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Bike Parking Design: Building Active + Engaged + Healthy Communities
September 4, 2015 @ 12:00 pm - 1:30 pm
- Eric Osth, Urban Design Associates
- Jonathan Kline, Studio for Spacial Practice
- Kristin Saunders, City of Pittsburgh Planning Department
- Lena Andrews, Action Housing
- Dan Yablonsky, BikePGH
The times are a-changing, and they’re doing so without the car. For the first time in two generations, the Millennials fueling our country’s urban population growth are driving less and relying more on biking, walking, and transit. Since Y2K, our country saw a 61.8% increase in the number of people biking to work (Pittsburgh can tap itself on the back – as we saw the country’s largest increase, at 408%). Across the board these numbers are continuing to grow as Federal, State, and Local governments build infrastructure and pass legislation that promotes bicycling for transportation and recreation. The bottom line is that populations are benefiting. Studies show that biking builds communities that are healthier, happier, more productive, and more environmentally sustainable than ever.
Obviously, more people riding bikes means more people parking bikes too, and admittedly, bike parking is not as sexy as bike riding. However, there is a real pressure building for quality start/end of trip facilities. Architects, developers, building managers and City Zoning Codes are rising to the challenge and reaping the economic, environmental, and public health benefits. This workshop will explore how they’re building healthier, more connected communities by creating bike parking facilities that are secure, accessible, space efficient, cost saving, and might we even say, sexy.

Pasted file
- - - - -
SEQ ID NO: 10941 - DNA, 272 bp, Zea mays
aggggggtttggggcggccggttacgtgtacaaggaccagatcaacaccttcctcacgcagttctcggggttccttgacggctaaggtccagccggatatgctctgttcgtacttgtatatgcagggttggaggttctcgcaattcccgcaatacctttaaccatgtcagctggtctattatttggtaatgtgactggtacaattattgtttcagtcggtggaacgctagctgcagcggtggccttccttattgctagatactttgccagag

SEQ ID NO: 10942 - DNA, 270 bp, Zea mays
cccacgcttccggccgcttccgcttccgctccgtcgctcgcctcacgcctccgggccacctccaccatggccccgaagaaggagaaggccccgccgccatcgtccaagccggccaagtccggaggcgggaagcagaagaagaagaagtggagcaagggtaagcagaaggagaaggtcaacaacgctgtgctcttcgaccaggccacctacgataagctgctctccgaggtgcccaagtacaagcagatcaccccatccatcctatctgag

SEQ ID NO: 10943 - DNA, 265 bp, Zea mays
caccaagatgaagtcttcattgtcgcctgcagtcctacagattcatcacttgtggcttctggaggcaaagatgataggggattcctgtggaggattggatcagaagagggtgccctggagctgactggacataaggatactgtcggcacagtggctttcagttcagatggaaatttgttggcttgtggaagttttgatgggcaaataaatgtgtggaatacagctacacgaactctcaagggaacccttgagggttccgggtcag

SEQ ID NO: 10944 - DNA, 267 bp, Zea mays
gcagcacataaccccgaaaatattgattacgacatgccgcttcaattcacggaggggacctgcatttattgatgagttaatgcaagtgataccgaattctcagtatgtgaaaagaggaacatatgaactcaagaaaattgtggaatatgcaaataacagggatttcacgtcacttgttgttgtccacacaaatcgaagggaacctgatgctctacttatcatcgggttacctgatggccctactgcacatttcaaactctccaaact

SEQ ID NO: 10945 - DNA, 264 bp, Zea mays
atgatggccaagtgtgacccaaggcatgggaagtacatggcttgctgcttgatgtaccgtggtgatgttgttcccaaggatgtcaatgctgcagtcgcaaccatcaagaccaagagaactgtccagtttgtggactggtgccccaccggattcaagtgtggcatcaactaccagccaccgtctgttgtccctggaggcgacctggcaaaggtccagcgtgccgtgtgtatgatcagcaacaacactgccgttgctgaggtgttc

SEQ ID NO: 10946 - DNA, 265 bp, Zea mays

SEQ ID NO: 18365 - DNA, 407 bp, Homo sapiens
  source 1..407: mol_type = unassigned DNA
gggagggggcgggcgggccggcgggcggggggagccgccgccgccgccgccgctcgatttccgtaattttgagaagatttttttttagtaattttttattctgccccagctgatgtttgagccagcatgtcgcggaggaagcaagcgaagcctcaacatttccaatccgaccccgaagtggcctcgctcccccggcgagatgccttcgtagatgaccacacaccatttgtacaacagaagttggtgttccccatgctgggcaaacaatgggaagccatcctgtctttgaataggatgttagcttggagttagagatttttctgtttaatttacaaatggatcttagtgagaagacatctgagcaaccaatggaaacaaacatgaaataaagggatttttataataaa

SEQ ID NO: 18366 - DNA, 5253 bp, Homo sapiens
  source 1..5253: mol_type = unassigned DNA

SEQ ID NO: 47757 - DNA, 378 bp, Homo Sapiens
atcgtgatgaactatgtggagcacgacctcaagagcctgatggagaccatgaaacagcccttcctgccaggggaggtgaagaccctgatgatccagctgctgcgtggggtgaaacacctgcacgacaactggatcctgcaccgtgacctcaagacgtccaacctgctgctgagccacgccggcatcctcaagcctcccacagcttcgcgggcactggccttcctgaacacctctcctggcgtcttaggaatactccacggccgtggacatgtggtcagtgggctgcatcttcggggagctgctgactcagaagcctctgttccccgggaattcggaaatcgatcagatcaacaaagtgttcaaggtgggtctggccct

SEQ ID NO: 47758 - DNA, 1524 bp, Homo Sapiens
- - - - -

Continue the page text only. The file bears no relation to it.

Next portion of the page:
- Understand the many benefits that biking and pro-bike infrastructure + policy lend to the creation of dense, healthy and environmentally sustainable urban environments.
- Discuss how to integrate various types of biking parking into both the urban environment and architectural projects, and see examples of these strategies in local projects.
- Explain how architects are utilizing Pittsburgh’s and other city zoning codes to build creative bike parking facilities that save client costs and increase community health and wellness.
- Identify a number of preferred bike racks and brainstorm with colleagues on how they’re incorporating them into designs.